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Jeffrey Paul Julien, Raymond James Financial, Inc. - Executive VP of Finance & CFO [73]

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Well, if you get a choppy market like this, you'll see probably higher allocations to fixed income. So you're going to see probably a little lower fees, plus the addition of the Scout Reams, which is largely institutional fixed income. As that becomes a bigger part of our assets under management, I think that's been a big reason for the lower trend to this point. And it depends on people's risk-on, risk-off appetites for the most part. And where we focus -- where we're focusing our business. It's always -- historically, it's been a small mid-cap equity operation for us. And it's now certainly a bigger percentage, fixed income.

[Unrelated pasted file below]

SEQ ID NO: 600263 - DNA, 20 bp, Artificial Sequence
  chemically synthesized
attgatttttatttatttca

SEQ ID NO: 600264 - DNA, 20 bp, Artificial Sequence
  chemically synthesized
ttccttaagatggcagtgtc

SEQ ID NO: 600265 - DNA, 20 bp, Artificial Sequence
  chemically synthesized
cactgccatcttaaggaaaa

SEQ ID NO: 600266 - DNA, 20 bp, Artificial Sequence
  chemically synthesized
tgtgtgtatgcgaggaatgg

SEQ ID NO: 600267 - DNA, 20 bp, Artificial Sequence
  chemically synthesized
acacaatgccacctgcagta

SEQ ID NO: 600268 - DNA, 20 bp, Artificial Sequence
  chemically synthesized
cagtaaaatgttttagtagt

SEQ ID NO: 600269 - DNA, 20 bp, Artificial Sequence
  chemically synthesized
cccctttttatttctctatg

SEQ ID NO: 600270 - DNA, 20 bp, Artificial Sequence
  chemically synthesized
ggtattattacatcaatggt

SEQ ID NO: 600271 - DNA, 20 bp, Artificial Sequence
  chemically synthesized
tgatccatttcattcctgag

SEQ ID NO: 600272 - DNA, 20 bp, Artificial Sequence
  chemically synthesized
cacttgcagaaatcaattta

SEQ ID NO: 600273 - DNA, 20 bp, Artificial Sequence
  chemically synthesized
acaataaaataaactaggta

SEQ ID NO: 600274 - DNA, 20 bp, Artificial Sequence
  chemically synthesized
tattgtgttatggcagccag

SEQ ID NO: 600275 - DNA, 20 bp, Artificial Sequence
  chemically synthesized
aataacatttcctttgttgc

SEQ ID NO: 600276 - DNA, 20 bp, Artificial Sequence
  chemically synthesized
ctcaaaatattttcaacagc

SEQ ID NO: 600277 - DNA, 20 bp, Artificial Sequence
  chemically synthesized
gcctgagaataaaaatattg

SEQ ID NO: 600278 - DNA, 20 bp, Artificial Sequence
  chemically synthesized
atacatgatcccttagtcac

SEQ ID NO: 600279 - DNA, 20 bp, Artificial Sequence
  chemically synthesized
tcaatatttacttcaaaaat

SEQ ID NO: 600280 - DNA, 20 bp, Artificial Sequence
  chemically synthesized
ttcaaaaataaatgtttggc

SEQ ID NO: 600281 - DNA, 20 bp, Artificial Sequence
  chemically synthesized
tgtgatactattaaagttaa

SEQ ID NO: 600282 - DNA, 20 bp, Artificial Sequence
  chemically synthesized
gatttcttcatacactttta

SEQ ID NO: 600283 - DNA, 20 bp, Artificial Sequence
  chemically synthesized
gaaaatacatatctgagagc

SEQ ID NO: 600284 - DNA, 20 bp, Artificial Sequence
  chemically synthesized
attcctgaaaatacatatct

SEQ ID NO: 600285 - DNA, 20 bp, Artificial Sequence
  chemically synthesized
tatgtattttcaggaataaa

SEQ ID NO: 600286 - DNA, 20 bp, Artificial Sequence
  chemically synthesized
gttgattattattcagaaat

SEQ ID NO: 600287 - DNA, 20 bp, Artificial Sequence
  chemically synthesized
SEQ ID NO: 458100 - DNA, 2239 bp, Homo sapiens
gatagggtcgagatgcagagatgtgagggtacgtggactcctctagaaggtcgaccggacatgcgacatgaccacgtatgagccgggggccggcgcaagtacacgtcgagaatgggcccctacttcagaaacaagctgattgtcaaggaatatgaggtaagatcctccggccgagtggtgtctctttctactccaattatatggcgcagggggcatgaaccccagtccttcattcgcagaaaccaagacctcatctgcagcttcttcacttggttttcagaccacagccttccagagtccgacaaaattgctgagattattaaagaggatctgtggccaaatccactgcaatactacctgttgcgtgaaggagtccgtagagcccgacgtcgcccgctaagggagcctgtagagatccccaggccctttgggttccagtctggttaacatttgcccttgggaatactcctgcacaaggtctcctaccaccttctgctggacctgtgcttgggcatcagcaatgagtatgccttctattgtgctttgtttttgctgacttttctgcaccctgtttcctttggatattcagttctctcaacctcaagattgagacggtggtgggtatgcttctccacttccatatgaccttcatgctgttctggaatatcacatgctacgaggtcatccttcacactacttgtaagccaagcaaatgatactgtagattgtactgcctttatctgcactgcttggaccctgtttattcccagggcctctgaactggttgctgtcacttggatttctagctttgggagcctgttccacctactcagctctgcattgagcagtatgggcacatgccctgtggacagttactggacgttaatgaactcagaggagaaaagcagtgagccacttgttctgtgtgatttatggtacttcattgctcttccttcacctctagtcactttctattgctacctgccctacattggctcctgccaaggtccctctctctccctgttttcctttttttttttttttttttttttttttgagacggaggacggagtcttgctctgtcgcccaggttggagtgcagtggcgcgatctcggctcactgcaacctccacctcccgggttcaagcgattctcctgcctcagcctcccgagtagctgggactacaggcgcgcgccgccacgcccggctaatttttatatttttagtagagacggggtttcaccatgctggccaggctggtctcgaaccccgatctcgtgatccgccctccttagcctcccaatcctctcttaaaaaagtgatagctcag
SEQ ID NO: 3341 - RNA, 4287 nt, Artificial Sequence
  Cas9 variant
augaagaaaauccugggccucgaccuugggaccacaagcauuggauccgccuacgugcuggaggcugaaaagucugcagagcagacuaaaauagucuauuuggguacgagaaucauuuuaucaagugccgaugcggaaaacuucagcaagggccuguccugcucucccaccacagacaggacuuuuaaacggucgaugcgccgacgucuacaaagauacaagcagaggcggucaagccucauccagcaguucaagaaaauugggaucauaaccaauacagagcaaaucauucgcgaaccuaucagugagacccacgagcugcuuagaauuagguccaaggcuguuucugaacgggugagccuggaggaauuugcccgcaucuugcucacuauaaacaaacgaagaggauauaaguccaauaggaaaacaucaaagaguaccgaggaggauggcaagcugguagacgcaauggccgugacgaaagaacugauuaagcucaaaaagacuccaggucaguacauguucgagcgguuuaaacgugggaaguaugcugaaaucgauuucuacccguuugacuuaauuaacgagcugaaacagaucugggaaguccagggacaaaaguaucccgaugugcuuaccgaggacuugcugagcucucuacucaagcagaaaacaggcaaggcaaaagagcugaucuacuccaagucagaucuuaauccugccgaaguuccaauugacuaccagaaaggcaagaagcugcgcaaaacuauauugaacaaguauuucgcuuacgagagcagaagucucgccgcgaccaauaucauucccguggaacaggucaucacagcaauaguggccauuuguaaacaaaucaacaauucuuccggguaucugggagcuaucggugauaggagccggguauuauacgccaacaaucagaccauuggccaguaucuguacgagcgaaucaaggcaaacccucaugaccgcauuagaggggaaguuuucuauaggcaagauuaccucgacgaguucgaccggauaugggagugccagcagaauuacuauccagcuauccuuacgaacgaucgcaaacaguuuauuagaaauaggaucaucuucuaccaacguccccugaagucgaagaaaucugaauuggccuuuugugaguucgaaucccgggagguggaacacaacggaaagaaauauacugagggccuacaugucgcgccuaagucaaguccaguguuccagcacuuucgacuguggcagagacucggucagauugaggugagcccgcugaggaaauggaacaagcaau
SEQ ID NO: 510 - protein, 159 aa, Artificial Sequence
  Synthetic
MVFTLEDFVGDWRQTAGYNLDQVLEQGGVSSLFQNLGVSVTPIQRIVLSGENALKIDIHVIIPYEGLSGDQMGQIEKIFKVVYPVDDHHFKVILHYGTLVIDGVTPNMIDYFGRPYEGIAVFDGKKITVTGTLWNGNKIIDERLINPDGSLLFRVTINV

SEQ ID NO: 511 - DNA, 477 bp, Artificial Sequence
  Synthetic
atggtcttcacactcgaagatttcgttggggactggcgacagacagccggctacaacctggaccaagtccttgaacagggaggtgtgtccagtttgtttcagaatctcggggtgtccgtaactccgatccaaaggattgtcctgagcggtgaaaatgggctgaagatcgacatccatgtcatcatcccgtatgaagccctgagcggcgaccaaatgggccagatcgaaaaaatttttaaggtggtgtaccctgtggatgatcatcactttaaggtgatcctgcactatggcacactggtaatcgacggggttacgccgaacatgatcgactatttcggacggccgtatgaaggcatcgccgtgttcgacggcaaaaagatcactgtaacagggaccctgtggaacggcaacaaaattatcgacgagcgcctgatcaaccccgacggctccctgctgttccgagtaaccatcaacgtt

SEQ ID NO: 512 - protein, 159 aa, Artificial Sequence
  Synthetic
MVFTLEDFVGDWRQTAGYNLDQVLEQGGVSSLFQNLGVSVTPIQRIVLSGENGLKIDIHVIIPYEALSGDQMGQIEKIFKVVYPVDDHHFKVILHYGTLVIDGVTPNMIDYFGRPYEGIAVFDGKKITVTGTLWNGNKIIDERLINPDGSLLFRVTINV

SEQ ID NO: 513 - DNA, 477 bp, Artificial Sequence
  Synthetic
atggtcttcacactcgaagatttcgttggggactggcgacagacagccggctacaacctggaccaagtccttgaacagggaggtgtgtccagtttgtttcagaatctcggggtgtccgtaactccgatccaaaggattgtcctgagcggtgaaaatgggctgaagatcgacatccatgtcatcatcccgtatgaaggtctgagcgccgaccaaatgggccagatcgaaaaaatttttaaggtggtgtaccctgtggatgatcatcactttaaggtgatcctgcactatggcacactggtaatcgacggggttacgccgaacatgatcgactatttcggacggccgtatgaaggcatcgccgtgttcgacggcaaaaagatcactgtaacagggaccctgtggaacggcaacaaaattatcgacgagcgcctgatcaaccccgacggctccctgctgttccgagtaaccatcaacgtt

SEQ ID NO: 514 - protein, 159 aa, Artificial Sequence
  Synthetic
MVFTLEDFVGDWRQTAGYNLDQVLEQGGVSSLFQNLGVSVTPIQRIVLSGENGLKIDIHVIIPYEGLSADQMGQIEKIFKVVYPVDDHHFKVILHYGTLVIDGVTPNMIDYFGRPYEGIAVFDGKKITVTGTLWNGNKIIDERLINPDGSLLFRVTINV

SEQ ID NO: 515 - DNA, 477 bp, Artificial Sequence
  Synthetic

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William R. Katz, Citigroup Inc, Research Division - MD [74]

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Yes. Maybe I wasn't clear with my question, I apologize. I was just thinking maybe on the -- within the private client business, if you look at the split between the advisory assets and brokerage assets, then you look at the related revenues, I think that ratio has been blending down on the advisory side. So I'm wondering if there's something about the incremental assets that are coming in that are just priced more similarly to Ray Jay, or it's just the impact of a volatile choppy market and the ins and outs of assets and client activity?

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Jeffrey Paul Julien, Raymond James Financial, Inc. - Executive VP of Finance & CFO [75]